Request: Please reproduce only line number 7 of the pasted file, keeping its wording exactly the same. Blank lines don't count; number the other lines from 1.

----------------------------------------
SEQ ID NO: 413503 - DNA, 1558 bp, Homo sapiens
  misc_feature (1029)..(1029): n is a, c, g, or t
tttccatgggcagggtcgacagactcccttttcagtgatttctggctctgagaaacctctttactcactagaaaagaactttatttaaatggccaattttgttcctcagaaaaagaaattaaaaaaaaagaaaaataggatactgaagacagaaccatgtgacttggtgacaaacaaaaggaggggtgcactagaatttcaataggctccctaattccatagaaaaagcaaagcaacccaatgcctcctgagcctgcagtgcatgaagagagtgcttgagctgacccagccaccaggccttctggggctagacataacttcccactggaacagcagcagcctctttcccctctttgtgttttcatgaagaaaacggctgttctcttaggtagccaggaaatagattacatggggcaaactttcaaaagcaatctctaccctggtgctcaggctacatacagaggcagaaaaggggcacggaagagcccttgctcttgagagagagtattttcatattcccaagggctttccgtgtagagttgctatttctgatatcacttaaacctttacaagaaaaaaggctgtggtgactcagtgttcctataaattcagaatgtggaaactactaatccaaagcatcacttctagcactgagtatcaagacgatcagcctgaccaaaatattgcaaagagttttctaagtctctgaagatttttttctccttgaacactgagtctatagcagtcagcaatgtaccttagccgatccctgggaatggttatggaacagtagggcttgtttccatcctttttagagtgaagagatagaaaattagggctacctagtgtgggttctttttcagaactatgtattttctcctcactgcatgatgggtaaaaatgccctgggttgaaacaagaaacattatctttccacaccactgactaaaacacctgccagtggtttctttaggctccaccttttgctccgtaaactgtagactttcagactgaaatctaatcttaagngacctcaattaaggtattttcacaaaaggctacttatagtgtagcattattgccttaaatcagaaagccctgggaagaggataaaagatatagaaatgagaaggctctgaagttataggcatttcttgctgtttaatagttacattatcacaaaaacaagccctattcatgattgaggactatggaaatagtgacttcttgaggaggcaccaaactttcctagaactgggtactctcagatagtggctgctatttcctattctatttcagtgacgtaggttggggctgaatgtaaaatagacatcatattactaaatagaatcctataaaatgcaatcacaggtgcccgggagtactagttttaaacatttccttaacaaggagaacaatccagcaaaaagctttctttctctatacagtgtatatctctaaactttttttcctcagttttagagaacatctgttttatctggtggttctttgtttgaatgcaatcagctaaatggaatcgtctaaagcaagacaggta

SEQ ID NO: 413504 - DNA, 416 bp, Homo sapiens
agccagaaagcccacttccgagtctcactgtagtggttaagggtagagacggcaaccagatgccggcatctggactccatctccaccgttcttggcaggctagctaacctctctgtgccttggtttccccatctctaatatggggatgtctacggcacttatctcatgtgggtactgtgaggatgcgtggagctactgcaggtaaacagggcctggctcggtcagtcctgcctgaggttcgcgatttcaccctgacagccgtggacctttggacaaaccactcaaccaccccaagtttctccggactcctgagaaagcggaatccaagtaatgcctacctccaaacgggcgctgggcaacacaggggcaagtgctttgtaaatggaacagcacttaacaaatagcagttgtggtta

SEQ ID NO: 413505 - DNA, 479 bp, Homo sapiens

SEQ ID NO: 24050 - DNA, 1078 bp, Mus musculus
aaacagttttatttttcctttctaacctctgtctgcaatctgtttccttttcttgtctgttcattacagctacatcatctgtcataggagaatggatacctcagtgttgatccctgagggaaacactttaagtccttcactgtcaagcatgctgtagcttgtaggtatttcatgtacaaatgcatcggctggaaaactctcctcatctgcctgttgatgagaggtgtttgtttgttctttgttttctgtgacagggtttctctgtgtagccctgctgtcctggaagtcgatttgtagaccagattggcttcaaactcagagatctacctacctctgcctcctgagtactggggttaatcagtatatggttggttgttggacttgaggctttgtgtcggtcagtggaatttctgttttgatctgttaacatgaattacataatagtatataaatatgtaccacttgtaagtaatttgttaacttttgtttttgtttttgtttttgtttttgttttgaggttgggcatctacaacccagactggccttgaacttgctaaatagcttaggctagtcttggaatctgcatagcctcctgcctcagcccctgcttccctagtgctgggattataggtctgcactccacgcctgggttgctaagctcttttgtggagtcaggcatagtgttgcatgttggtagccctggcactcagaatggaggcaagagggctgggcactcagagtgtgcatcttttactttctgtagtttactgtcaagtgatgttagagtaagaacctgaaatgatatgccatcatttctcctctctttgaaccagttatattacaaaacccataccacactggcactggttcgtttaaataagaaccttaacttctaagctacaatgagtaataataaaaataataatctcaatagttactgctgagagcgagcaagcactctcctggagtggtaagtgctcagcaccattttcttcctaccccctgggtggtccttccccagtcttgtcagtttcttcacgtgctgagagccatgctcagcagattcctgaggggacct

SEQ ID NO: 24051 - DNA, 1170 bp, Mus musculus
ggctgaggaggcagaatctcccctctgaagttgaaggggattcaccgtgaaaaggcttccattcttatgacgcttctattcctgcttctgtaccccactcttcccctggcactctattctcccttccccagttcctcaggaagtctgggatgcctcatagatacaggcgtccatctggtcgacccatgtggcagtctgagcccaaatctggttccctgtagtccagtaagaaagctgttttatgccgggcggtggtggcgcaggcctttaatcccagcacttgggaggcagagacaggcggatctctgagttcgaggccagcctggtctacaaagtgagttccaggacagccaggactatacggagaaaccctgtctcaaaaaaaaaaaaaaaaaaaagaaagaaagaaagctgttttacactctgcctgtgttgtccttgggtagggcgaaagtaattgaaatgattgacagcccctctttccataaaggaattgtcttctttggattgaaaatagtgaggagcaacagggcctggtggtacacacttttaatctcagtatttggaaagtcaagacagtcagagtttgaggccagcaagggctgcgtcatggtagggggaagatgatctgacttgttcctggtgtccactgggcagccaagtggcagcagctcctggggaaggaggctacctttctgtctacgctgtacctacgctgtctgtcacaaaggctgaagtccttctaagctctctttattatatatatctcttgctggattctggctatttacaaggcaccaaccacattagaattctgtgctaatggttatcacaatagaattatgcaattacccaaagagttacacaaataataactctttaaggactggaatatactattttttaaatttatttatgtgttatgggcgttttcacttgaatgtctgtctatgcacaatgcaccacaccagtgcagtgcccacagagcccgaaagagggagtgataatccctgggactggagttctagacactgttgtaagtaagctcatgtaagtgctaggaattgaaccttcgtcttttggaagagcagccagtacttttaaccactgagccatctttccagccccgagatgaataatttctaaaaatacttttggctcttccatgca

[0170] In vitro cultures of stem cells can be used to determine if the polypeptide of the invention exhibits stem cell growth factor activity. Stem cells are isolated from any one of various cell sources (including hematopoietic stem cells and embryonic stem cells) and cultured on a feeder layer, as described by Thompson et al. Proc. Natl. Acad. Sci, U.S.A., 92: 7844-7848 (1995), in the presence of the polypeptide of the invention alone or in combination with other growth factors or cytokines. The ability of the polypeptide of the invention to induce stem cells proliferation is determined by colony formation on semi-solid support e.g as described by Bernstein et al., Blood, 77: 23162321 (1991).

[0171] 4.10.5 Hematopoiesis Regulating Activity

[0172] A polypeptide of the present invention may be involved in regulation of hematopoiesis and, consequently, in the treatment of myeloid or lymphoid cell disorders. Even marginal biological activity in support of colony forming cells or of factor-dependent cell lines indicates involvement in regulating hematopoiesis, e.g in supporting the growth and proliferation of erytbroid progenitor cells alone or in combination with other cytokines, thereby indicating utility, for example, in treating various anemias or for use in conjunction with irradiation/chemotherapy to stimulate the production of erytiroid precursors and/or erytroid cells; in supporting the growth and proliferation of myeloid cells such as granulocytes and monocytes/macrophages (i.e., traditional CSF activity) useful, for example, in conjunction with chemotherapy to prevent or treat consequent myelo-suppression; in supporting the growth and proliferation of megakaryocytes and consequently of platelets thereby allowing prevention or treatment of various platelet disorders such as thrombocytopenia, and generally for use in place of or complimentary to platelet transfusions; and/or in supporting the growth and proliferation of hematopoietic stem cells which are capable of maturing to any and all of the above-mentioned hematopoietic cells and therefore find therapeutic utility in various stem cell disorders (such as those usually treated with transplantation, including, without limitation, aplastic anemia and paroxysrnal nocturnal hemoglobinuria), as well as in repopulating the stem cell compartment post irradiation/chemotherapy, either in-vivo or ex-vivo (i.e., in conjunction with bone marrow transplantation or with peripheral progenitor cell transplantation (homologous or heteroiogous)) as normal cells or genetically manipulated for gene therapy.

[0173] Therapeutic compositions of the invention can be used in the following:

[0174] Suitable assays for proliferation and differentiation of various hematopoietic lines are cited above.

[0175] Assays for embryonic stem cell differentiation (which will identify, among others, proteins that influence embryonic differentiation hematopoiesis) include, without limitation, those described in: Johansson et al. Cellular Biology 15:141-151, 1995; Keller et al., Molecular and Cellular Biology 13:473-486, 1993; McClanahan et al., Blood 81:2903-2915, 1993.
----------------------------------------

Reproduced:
SEQ ID NO: 24050 - DNA, 1078 bp, Mus musculus